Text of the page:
There’s no danger of that as I ease myself into Downward Dog (picture an inverted V, with hips reaching upwards, heels and hands pressing downwards). With nearly all my workouts focused below the belt, it’s a real challenge for my shoulders and upper back muscles to maintain the position – and my hamstrings are singing like overtight guitar strings. Denham-Jones has to remind me to focus on my breathing. ‘Yoga is a great tool for helping you learn to breathe through discomfort,’ she says.  Under the strain, I feel as if I’m taking tiny sips of air rather than big lungfuls. ‘Turn your exhalation into a sigh – make the breath louder than your thoughts,’ she advises. But it’s not until Denham-Jones puts a belt around my thighs and gently pulls me backwards that - despite my breathing now sounding like a dirty phone call - the pressure eases. This is what it’s meant to feel like…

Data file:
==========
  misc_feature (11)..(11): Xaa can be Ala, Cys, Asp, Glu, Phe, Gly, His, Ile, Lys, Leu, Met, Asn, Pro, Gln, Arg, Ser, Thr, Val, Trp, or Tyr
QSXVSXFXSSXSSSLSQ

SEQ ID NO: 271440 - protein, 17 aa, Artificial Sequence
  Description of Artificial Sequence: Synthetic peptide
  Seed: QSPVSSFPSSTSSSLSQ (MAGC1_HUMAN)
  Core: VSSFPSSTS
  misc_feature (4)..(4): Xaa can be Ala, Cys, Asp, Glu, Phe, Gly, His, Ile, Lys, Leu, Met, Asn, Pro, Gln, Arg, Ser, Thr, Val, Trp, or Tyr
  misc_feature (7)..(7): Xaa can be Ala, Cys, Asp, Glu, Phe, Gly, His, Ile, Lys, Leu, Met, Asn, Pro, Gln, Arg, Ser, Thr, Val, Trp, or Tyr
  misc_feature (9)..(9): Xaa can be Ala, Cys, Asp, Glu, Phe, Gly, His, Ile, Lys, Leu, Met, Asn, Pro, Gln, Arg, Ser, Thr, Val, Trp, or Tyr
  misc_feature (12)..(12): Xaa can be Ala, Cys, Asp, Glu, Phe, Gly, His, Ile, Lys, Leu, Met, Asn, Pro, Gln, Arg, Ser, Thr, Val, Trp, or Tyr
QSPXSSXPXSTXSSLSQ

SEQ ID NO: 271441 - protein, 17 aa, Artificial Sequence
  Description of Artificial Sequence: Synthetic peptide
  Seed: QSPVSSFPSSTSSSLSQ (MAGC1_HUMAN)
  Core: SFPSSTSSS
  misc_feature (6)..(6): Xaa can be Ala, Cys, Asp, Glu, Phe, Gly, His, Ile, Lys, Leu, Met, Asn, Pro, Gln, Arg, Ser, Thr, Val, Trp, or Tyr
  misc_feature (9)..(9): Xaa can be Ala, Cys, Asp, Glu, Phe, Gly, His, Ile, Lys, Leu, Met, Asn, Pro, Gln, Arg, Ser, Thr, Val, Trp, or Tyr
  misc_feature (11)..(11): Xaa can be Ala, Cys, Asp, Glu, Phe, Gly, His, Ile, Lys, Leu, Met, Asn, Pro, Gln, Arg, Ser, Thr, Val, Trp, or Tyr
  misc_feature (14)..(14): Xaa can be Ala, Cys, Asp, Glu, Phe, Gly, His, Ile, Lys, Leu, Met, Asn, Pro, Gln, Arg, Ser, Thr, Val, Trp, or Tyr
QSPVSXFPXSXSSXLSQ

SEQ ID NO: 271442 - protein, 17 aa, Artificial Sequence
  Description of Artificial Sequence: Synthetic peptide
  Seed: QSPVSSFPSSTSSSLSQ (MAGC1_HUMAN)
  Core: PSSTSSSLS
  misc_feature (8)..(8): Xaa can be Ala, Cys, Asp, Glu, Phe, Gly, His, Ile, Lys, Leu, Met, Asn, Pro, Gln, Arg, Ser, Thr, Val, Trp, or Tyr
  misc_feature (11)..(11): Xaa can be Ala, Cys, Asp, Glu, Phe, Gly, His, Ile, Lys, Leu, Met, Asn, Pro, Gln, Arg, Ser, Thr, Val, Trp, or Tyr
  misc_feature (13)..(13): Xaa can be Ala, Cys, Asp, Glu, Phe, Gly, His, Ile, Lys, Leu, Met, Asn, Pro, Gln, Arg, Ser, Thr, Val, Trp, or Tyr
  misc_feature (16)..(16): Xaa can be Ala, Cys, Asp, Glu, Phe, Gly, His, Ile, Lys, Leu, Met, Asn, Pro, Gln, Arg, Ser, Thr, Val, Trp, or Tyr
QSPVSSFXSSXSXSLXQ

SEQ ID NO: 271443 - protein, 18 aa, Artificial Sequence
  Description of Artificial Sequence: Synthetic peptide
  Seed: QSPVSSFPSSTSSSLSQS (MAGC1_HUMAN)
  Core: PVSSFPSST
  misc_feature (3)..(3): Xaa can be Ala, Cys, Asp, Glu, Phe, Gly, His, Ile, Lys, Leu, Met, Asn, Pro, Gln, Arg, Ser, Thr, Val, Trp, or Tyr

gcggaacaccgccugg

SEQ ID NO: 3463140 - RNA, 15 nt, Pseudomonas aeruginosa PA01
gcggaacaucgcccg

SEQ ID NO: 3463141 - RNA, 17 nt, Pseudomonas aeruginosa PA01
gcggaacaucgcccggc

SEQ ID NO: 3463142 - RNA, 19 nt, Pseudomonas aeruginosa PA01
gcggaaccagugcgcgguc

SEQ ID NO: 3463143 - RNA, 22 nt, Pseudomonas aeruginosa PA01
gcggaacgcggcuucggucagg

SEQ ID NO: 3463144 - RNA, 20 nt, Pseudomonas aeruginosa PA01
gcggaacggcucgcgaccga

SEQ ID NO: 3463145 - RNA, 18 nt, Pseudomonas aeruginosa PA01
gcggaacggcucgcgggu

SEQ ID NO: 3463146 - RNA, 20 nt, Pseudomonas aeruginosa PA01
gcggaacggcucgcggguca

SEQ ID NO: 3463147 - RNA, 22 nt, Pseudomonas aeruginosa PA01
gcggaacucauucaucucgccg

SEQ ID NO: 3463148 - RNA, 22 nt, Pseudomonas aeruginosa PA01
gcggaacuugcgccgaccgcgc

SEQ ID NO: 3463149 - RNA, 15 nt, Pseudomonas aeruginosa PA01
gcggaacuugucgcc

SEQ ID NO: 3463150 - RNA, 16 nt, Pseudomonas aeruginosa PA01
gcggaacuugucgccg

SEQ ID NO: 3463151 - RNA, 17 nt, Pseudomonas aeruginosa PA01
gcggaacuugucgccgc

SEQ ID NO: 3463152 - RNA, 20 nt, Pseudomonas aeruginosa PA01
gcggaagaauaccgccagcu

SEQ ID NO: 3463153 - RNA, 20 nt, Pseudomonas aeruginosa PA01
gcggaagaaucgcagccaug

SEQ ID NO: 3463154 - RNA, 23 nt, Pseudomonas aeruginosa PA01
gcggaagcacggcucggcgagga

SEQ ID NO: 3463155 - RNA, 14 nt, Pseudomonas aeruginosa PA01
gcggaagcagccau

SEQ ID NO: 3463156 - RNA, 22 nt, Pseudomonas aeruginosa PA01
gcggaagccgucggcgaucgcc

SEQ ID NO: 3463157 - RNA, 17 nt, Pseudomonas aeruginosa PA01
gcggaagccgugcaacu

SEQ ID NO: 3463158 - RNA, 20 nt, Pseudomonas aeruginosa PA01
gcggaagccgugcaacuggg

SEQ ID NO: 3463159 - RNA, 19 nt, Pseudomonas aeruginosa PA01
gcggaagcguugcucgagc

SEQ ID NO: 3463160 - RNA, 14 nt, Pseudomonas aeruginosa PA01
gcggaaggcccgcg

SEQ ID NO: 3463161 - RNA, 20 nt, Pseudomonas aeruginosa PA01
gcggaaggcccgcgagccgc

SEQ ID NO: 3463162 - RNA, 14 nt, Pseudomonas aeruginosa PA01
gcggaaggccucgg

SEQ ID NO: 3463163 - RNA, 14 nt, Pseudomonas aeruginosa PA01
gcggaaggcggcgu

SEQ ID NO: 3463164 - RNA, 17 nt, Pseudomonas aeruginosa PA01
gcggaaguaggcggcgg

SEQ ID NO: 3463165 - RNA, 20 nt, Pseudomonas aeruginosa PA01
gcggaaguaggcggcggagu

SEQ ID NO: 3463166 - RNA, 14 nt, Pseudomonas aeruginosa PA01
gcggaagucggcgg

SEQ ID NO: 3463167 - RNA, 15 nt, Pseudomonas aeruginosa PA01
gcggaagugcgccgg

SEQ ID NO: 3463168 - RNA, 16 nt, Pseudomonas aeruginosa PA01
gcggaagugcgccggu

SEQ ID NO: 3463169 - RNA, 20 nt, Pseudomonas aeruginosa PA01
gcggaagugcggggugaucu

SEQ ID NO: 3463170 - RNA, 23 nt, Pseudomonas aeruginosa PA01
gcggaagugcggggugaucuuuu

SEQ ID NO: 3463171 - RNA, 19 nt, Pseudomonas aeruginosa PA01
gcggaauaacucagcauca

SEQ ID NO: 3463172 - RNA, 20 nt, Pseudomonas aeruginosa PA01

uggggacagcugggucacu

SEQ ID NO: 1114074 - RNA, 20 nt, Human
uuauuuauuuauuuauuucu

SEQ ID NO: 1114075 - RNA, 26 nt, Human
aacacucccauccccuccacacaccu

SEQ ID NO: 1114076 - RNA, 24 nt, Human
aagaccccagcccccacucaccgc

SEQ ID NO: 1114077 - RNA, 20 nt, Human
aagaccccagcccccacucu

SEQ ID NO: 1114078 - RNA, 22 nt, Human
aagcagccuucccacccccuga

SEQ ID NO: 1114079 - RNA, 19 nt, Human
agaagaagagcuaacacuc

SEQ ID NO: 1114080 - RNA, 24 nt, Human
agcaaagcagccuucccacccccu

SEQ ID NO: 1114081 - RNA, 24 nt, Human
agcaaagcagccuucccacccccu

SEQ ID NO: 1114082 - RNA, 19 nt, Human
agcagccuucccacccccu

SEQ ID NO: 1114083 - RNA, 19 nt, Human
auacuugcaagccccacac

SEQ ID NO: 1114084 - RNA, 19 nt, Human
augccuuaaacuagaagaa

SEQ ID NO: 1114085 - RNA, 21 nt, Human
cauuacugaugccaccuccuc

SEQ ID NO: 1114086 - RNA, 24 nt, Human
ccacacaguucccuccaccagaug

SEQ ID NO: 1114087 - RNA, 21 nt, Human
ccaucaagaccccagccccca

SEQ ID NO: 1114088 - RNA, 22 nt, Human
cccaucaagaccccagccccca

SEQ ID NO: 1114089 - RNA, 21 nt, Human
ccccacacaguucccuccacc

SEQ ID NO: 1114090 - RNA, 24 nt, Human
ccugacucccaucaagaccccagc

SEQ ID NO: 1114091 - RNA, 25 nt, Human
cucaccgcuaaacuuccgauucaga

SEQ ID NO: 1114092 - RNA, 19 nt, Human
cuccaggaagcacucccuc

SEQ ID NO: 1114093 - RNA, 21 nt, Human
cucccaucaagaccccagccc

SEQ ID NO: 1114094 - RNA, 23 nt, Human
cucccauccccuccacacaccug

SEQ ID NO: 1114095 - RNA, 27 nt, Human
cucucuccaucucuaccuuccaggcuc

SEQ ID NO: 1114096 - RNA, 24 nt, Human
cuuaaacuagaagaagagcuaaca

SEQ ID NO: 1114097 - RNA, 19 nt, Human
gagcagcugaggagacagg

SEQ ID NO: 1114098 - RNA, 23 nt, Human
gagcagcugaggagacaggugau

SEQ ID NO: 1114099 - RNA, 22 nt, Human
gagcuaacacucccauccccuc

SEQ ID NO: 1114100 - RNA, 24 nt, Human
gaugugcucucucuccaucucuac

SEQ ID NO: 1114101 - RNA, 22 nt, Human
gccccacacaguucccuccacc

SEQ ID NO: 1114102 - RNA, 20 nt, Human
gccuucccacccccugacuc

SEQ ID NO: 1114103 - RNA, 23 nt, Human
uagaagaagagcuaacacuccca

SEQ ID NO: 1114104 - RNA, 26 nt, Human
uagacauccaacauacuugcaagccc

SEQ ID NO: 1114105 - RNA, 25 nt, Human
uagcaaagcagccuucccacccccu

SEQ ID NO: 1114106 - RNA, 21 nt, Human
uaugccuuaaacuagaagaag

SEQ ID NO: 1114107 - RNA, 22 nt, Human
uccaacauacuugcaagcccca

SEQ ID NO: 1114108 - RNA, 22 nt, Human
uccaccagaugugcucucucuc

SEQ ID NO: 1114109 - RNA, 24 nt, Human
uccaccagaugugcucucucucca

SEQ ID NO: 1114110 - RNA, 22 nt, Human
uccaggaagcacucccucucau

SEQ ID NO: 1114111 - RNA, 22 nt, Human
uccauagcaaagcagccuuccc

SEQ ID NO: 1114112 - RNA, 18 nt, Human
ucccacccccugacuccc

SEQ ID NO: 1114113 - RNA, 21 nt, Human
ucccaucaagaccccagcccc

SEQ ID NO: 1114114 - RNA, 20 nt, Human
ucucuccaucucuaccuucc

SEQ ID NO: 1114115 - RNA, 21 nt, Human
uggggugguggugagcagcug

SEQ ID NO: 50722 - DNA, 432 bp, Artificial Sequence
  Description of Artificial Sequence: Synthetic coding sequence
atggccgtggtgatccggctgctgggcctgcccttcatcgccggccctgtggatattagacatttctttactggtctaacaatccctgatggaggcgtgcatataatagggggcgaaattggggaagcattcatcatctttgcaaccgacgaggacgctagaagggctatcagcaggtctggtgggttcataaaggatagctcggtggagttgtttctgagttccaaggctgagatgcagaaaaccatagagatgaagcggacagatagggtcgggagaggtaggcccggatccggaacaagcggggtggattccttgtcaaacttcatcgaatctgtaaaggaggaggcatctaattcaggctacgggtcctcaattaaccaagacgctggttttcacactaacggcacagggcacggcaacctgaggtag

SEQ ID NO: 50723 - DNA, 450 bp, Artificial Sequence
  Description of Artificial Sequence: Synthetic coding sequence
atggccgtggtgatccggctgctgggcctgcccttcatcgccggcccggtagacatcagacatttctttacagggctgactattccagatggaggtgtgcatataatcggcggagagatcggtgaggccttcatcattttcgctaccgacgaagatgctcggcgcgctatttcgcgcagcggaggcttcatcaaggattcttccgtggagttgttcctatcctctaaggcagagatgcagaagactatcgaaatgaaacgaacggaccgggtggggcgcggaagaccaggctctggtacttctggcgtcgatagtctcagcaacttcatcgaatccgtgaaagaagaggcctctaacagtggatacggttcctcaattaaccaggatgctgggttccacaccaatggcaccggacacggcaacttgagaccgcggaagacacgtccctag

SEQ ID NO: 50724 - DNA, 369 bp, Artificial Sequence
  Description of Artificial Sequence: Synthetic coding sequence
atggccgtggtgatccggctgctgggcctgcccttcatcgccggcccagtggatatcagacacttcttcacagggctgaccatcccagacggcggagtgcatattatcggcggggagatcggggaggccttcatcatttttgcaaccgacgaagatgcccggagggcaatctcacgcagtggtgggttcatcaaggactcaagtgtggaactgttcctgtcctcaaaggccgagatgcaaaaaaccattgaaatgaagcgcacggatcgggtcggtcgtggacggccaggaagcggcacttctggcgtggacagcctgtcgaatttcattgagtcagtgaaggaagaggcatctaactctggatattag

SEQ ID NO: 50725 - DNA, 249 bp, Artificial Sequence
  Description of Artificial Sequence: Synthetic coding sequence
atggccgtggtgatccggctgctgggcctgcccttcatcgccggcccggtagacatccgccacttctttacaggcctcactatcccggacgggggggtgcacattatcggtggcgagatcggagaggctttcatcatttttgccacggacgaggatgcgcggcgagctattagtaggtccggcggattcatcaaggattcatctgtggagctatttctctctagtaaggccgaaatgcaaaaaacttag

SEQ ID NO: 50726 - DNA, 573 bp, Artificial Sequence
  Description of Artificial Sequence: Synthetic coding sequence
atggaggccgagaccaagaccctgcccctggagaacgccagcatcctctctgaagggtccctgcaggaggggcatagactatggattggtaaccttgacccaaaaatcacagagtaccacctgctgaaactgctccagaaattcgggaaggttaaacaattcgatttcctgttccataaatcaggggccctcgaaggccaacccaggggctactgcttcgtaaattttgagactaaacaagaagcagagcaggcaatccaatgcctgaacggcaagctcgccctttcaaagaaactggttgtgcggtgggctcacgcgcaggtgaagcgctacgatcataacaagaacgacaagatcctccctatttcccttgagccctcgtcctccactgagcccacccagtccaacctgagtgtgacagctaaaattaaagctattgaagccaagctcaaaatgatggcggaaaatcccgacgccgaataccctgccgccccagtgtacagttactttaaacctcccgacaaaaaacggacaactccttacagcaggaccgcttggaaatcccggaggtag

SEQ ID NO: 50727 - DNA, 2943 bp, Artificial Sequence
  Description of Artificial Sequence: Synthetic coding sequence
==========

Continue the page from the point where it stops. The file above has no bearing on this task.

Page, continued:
While you might assume that the major plus yoga offers to runners relates to improving suppleness, Denham-Jones thinks differently.


‘For me, the biggest benefit yoga has brought to my running has been learning to stay focused on the present,’ she says. ‘Not thinking about what’s done, or what’s to come, or where I ‘should’ be, has really helped in my last couple of marathons.’

Denham-Jones also believes that yogic breathing has helped her running – and there’s evidence to back her up. A study published in the Indian Journal of Medical Research found that athletes who practised yogic breathing (pranayama) for a year were able to exercise at a higher work rate without increased energy demand or lactic acid production – their lung capacity also improved.

Even as far as the physical side of things is concerned, yoga for runners is not all about stretching. ‘As well as flexibility, runners need to build strength – particularly in the muscles that stabilise the pelvis and those that support correct foot-knee-hip alignment,’ says Denham-Jones.